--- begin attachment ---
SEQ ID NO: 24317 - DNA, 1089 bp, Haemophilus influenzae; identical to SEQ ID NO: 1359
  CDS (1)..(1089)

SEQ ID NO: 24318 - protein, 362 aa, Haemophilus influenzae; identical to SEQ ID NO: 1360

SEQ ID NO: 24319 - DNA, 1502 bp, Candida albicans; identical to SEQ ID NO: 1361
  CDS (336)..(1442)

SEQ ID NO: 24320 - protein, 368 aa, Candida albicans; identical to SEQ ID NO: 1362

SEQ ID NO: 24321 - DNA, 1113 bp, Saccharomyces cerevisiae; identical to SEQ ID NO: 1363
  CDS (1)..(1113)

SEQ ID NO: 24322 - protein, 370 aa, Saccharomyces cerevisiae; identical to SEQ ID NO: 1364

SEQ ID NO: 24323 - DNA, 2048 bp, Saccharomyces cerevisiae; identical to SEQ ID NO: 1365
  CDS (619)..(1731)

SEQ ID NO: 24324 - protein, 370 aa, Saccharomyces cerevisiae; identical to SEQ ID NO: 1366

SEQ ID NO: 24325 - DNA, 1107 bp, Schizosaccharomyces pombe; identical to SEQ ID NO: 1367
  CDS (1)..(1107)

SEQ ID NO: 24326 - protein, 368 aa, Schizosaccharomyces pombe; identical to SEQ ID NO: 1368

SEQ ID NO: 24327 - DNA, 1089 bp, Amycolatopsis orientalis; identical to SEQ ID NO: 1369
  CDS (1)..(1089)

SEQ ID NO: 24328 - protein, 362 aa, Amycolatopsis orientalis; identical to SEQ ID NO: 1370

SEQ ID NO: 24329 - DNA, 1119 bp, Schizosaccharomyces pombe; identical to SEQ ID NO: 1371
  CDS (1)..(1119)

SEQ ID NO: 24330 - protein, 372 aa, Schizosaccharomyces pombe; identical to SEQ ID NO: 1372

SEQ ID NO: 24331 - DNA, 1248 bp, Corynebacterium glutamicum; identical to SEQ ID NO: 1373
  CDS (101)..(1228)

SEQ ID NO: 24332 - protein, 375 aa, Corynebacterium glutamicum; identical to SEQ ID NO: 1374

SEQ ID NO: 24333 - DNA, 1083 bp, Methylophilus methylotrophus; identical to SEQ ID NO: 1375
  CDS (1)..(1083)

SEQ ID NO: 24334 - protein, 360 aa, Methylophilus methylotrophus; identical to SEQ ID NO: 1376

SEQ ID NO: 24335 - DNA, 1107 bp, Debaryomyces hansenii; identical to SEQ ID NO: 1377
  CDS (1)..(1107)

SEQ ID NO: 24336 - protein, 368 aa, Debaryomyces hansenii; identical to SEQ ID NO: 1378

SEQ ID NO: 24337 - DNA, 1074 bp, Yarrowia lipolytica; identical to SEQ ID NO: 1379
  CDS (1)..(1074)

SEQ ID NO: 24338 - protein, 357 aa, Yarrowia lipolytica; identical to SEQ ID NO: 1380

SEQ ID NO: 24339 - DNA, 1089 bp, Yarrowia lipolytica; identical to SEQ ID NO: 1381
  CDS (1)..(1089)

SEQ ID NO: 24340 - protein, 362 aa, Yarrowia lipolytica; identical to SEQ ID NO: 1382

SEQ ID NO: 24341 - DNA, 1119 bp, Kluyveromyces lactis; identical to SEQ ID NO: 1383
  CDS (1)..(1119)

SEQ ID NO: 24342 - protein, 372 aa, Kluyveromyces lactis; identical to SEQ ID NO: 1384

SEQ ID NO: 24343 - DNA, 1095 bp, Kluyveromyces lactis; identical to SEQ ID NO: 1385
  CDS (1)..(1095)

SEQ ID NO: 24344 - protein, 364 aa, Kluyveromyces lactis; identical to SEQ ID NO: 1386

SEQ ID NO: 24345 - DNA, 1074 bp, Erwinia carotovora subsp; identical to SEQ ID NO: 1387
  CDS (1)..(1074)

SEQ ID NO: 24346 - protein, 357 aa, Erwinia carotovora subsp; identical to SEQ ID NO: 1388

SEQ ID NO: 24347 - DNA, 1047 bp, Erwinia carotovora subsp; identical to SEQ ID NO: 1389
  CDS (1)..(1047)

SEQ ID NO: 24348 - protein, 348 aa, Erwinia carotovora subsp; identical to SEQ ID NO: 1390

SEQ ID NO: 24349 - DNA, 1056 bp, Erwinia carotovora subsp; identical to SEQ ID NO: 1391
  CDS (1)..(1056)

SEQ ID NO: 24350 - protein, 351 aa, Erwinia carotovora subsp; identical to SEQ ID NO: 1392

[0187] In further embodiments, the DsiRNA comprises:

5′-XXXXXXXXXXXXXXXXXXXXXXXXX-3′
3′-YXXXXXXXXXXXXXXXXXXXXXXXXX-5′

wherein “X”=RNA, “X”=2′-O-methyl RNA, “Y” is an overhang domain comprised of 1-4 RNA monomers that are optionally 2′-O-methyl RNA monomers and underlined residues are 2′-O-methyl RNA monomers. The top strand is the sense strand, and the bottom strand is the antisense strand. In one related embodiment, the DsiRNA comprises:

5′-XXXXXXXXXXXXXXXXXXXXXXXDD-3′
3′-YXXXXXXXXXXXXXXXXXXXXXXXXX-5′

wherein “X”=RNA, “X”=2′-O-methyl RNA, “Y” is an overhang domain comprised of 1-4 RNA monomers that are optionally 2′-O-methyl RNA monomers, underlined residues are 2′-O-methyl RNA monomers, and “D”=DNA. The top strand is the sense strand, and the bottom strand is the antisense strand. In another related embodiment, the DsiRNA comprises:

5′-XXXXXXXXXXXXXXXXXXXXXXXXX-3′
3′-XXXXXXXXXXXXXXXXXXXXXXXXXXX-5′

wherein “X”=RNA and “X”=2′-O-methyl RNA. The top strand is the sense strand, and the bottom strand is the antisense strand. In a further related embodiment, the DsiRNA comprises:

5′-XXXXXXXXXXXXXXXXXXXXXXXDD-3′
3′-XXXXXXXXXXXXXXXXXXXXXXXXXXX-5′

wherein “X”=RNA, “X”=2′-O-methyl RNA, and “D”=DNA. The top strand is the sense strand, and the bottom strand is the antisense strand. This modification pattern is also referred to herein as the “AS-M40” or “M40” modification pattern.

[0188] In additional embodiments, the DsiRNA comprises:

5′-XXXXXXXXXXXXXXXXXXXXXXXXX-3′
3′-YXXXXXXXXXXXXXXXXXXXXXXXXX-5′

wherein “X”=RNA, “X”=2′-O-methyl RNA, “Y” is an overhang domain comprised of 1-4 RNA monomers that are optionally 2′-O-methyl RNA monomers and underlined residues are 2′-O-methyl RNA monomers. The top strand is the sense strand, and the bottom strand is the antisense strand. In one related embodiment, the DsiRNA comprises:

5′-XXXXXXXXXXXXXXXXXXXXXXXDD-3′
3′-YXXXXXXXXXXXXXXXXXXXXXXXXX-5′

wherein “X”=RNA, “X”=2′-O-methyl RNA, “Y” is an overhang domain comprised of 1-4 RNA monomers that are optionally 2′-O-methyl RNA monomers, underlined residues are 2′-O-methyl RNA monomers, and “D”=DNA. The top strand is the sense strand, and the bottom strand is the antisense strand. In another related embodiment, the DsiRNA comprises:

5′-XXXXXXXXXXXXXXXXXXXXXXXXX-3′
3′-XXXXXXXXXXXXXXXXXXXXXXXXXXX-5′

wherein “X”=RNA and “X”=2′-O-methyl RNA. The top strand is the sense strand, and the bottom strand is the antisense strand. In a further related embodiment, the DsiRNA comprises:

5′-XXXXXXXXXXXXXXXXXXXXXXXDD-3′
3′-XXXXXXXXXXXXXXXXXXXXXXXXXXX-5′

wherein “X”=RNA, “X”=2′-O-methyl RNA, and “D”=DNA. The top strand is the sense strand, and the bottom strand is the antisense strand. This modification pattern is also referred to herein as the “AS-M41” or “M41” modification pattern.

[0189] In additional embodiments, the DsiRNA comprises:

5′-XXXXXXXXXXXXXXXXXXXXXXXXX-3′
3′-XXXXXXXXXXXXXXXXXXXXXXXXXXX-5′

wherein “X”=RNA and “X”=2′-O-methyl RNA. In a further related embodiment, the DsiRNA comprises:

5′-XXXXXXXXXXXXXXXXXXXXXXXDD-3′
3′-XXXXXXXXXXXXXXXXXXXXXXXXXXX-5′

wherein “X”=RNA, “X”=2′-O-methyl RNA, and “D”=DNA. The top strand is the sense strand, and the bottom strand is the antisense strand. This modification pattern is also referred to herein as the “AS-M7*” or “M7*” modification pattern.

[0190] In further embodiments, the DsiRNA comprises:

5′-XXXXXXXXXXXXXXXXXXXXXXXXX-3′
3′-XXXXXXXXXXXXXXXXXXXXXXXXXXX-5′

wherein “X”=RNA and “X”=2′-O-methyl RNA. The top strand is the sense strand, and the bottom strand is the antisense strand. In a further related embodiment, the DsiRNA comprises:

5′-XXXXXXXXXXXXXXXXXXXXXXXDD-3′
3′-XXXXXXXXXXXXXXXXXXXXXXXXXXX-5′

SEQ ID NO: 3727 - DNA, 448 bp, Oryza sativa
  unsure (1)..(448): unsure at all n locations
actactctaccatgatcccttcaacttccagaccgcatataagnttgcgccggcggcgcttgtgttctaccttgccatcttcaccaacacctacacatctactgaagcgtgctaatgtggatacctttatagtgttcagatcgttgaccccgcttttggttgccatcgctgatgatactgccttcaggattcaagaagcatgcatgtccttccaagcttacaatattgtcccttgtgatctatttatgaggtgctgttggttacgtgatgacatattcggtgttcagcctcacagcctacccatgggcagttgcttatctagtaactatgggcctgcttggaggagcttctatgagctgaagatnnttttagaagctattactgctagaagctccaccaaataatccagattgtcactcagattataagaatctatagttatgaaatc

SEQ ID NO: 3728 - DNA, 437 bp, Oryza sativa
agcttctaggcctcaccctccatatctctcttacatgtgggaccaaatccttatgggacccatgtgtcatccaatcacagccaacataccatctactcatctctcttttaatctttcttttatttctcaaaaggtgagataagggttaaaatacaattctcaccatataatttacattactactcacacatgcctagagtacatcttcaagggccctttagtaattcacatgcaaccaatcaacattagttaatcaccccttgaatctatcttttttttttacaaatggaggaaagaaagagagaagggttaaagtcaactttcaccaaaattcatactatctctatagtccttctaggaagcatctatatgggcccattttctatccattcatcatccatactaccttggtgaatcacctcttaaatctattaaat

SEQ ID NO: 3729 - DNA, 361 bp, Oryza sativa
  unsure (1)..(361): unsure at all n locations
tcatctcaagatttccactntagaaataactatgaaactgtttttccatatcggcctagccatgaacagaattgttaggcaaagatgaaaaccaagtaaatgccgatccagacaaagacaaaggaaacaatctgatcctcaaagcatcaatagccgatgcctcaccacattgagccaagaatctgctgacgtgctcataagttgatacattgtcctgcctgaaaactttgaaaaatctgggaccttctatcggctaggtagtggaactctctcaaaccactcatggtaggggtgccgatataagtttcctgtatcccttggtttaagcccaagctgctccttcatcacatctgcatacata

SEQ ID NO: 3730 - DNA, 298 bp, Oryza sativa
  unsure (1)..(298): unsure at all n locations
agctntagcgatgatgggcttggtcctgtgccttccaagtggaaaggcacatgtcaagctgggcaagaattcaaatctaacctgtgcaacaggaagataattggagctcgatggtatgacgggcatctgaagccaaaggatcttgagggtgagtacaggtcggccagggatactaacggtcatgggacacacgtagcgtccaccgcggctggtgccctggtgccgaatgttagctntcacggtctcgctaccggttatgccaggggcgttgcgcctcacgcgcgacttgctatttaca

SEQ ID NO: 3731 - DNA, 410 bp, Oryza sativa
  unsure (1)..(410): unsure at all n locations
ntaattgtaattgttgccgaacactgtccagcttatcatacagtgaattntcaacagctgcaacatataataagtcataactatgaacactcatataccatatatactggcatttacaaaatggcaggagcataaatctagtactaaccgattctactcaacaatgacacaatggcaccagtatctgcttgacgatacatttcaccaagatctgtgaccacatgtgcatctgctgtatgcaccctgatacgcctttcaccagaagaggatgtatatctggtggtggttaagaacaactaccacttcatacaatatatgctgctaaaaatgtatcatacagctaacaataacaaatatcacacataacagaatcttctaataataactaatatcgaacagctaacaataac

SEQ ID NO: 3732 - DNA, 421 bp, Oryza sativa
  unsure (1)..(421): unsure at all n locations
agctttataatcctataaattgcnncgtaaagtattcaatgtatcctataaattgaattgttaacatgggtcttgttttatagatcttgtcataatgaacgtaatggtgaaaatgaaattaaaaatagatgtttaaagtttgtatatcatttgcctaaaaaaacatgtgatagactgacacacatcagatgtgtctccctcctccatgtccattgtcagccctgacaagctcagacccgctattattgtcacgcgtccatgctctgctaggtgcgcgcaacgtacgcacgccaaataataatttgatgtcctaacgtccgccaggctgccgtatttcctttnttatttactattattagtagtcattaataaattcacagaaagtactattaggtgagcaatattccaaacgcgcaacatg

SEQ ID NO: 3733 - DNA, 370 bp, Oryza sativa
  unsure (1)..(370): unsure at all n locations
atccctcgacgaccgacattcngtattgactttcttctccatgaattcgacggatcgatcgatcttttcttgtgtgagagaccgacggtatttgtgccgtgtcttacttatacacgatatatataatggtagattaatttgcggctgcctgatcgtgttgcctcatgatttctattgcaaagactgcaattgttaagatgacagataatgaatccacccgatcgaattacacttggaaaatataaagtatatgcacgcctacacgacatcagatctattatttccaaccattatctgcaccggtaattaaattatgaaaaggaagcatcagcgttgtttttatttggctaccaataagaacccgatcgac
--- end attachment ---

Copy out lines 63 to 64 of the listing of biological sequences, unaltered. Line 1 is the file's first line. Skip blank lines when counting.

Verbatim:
3′-XXXXXXXXXXXXXXXXXXXXXXXXXXX-5′

wherein “X”=RNA, “X”=2′-O-methyl RNA, and “D”=DNA. The top strand is the sense strand, and the bottom strand is the antisense strand. This modification pattern is also referred to herein as the “AS-M40” or “M40” modification pattern.